Thoughts on la Rouchefoucauld’s use of the Scientific Method for Philosophy

Philosophy is by definition any theory that can’t be proven scientifically. In La Rouchefoucauld’s case this is especially obvious as he attempted to explain in terms of philosophy the behavior of humans because there was at his time no way to prove them scientifically. He used a version of the scientific method to arrive at his final maxims and although he couldn’t prove it in doing so he stumbled on to some very scientific principles.
In La Rouchefoucauld’s day humans where still popularly considered distant and distinct from animals however four centuries after La Rouchefoucauld the idea that humans are bound to nature just as animals is now becoming prevalent. Thus even though originally the maxims were written to be a sort of scientific understanding of humans they instead are a defendable philosophy. Although it does not make La Rouchefoucauld “laws” of human nature any less real, understanding the scientific basis of the laws allows one to understand not just the effect but also the cause of human nature.

Law 72 states “If you judge love by most of its results, it seems more akin to hate than to friendship.” Taken in the basic terms it is true, but beyond the purely philosophical basis it points to the mental and physical changes one can experience during love and hate. Love can invoke powerful chemical changes in the brain akin to those caused by the use of drugs. Hate also causes chemical changes, increasing the amount of adrenaline and decreasing seratonin in the body. Both can cause behaviors under other circumstances would be unthinkable or undesirable. Friendship is less emotional and more mental. While friends are chosen for what they can do for oneself1, lovers and enemies are created through surge of emotions and are very rarely mental on the surface2. Yes La Rouchefoucauld is correct that love is similar to hate in its effects, but it is not a far off barley attainable philosophical truth, but just a scientific fact. Law 102 and 259 continues this idea again alluding to the chemical changes that occur in the brain.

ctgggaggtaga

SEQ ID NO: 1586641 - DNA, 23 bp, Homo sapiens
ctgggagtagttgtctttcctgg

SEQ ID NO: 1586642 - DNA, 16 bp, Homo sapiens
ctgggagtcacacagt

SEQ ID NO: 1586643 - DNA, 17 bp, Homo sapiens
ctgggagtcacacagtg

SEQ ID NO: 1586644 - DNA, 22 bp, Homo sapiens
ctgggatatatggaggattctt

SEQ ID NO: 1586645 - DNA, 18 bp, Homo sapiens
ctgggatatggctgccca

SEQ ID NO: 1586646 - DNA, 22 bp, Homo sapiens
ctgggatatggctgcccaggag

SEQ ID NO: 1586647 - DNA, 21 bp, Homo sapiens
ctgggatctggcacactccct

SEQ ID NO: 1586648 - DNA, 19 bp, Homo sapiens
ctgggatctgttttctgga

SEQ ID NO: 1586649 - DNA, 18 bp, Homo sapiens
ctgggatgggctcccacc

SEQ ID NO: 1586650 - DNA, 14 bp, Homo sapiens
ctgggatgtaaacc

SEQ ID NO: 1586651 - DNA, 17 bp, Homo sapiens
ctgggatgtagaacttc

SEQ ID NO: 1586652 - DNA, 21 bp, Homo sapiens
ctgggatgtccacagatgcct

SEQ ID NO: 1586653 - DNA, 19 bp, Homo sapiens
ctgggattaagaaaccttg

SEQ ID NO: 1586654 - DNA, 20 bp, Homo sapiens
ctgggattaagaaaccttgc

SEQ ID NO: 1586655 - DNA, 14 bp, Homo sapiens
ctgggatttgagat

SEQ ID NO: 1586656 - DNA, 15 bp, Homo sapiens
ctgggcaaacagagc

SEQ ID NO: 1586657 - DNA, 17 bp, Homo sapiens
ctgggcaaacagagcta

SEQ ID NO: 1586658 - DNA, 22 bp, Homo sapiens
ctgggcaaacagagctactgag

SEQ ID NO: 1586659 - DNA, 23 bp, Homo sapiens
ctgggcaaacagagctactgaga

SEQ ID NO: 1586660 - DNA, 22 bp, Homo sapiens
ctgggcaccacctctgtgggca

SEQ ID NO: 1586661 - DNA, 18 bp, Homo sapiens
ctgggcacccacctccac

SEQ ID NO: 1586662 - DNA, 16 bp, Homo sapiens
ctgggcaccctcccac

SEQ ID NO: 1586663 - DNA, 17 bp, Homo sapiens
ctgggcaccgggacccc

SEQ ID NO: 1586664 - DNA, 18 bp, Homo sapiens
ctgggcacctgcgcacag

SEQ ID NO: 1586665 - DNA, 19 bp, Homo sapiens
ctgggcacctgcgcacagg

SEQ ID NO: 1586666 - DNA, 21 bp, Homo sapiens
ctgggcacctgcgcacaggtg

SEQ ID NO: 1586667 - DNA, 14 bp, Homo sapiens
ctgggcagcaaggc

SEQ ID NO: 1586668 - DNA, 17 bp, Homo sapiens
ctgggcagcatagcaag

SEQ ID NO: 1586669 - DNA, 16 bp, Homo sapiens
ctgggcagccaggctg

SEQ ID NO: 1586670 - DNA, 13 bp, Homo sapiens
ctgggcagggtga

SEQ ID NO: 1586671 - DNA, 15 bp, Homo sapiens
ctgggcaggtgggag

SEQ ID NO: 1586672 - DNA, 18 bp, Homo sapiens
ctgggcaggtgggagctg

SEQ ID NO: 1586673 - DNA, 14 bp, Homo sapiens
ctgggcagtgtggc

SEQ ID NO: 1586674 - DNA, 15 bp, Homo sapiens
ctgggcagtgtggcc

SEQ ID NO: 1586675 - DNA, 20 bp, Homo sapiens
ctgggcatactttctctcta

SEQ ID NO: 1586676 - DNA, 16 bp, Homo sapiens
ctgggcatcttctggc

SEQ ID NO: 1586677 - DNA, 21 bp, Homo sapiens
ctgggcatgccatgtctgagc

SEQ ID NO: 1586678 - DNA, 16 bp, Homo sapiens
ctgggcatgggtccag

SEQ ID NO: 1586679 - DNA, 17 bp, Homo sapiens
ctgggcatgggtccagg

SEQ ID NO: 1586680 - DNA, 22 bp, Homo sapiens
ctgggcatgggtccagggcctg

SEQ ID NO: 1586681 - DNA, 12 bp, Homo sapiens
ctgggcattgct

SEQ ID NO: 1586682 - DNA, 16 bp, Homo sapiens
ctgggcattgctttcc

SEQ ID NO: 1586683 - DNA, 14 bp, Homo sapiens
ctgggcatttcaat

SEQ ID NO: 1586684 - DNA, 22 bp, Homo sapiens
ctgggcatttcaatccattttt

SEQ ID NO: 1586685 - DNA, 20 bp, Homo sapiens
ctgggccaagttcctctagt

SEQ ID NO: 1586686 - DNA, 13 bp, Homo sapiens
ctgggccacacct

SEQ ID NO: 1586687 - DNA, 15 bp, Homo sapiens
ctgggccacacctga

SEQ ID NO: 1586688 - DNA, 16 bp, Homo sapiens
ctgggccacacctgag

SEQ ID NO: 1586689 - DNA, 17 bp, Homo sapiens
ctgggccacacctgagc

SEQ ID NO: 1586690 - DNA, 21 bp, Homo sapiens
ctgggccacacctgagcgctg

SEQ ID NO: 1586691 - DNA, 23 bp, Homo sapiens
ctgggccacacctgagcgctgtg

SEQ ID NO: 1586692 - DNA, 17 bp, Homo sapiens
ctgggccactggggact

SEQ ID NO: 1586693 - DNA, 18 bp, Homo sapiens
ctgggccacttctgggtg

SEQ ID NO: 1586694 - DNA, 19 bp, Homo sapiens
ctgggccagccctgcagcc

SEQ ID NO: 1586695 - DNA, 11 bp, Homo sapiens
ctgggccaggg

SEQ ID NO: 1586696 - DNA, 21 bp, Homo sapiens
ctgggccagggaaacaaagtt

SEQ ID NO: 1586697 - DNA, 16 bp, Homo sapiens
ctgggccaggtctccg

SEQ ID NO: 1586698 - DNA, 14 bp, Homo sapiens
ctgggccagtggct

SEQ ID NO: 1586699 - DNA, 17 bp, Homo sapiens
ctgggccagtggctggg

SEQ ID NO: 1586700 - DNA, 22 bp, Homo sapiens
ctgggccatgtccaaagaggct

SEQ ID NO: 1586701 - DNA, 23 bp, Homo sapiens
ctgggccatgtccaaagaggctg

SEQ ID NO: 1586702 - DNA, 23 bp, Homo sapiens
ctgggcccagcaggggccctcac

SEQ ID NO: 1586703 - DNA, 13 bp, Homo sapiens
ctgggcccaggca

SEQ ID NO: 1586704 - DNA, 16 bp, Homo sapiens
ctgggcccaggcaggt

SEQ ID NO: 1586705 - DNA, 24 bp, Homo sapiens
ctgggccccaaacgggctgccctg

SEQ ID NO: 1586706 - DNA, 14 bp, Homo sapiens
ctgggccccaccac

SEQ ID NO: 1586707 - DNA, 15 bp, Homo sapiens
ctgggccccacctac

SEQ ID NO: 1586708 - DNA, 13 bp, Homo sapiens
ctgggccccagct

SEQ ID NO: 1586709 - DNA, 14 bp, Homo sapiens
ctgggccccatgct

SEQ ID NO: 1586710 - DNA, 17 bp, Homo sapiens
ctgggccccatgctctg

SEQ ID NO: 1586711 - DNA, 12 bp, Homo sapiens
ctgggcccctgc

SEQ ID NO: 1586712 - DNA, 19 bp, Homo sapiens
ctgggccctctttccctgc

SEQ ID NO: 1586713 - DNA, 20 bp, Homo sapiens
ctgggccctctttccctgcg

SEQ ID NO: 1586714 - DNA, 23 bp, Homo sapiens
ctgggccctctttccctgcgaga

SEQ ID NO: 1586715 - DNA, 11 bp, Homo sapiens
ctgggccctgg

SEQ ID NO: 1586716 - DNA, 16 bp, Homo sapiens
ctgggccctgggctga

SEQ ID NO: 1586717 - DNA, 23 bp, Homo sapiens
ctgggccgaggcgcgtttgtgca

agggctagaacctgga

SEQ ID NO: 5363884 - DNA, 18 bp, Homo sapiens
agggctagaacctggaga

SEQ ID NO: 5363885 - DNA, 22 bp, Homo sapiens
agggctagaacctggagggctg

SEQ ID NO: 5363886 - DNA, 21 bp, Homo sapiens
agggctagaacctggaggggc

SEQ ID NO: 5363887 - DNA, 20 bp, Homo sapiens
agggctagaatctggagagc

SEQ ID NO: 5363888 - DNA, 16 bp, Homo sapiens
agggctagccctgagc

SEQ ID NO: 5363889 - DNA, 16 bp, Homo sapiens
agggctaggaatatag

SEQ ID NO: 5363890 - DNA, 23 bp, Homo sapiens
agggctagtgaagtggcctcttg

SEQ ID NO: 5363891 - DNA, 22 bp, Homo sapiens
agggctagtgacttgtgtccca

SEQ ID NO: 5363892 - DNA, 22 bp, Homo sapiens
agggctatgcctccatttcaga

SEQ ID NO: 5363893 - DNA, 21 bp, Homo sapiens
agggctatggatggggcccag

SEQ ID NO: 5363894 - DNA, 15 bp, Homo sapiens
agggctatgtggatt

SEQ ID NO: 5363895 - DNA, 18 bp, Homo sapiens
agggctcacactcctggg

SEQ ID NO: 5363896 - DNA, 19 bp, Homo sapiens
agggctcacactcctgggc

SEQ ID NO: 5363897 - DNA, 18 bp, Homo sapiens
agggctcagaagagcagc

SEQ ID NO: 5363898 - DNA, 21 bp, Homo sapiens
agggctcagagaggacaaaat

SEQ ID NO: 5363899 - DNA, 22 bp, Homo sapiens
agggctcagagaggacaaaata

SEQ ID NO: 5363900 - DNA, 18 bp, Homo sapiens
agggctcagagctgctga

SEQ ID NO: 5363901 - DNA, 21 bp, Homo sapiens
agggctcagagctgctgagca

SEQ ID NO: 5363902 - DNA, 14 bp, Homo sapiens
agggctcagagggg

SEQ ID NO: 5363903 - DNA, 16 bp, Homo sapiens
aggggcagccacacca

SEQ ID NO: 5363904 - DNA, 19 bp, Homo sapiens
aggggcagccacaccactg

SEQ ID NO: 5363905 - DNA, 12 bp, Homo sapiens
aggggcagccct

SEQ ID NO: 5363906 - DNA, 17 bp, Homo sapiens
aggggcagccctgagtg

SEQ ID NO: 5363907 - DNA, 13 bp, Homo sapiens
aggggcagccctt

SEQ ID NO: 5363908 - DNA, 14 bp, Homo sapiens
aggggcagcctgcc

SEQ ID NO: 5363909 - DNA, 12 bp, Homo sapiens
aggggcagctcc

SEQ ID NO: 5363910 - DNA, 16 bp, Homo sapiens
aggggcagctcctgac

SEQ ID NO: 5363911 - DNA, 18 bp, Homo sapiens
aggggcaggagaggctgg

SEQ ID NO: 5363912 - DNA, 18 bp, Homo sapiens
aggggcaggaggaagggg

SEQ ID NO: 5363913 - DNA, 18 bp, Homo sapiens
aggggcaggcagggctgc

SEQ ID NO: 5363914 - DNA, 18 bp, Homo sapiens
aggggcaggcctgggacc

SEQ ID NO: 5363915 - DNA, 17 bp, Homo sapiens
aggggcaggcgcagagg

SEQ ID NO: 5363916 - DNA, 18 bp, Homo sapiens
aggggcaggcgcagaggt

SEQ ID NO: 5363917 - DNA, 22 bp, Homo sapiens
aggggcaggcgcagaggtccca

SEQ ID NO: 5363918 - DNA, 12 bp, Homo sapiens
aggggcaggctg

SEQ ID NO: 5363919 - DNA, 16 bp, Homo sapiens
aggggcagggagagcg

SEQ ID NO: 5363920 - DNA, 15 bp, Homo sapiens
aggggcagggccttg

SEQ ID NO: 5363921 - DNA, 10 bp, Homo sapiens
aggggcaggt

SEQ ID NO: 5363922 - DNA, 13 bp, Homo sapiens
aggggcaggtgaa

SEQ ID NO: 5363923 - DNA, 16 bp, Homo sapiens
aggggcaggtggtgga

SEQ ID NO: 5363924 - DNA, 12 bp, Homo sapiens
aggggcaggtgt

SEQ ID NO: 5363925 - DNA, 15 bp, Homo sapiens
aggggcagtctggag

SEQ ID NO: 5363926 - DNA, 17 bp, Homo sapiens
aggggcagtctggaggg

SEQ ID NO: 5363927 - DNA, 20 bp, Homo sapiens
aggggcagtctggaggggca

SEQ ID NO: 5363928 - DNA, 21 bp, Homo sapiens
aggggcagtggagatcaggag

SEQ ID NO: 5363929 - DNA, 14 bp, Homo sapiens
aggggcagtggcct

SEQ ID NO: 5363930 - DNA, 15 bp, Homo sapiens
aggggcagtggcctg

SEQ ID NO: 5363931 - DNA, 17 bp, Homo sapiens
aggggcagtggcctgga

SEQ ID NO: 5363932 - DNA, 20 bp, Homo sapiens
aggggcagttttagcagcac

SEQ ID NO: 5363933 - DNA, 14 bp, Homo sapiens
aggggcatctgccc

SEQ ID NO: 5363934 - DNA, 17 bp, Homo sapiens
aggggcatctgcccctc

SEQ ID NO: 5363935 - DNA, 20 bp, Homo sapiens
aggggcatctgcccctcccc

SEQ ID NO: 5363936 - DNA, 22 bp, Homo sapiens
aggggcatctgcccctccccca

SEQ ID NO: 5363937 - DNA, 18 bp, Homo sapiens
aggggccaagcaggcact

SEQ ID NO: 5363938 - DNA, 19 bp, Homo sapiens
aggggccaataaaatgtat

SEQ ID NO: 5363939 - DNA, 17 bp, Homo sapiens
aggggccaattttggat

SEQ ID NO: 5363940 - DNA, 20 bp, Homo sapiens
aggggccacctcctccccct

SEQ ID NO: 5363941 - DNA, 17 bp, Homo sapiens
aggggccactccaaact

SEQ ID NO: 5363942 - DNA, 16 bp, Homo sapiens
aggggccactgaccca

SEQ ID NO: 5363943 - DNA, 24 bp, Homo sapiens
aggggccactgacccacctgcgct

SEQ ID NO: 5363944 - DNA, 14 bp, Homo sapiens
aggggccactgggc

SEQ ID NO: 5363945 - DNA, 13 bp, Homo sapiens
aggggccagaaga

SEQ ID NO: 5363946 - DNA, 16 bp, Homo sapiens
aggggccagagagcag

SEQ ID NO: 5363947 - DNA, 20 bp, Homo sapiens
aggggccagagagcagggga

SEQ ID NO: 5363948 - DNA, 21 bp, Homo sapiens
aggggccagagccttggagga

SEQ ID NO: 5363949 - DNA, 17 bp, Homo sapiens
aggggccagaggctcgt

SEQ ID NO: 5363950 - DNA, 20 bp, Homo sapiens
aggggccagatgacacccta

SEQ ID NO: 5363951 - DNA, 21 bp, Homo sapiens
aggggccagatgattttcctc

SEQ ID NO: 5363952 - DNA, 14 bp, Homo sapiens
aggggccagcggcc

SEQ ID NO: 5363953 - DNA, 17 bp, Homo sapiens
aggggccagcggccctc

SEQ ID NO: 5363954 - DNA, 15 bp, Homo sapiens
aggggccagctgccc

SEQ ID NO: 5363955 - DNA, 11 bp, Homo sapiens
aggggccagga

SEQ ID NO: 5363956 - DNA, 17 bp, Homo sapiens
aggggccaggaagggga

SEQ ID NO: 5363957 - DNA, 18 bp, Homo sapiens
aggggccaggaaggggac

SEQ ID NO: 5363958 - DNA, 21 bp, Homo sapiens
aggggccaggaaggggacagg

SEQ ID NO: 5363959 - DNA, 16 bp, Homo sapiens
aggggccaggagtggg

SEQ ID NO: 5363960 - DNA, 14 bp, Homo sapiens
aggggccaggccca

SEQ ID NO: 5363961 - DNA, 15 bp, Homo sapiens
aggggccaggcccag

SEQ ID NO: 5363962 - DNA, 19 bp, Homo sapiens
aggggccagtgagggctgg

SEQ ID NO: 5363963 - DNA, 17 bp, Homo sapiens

Law 78 says, “For most of mankind, love of justice is nothing more than the fear of suffering injustice.” This is also true from a scientific point; the love of justice or fear of injustice is a survival trait. This trait is an offshoot of altruism which is required in any complex social setting for any creature human or animal3. Altruism is easily seen in all primate species, there have been many observed scenarios where a member of a group who did not reciprocate the altruistic behavior was “punished” by being denied further altruistic gestures by the remainder of the group. The member of the group who was punished now is less able to collect food, care for young and be alert to danger if the need arises. Because of this most members of the group feared losing the altruism of their neighbors they reciprocate the gestures in an attempt to insure further altruism. This can easily be seen as a form of societal justice.

These are both good examples of how La Rouchefoucauld’s philosophy of human nature mirrors the scientific version of the same. La Rouchefoucauld achieved his goal of finding the laws of human nature through philosophy yet in doing so also made a road map to the scientific laws of human nature. Maybe the question should not be is human nature based on philosophy or science, but rather is there anything in human nature that cannot be explained by both philosophy and science. Both interpretations of human nature, philosophical and scientific, appear on the surface to be correct. However not all people prefer to believe in the philosophical explanations preferring the concrete and proven scientific facts, like-wise many people do not believe that science can explain away all the mysteries of the human conundrum and only by looking beyond the proven can one truly find the answer to the puzzle.

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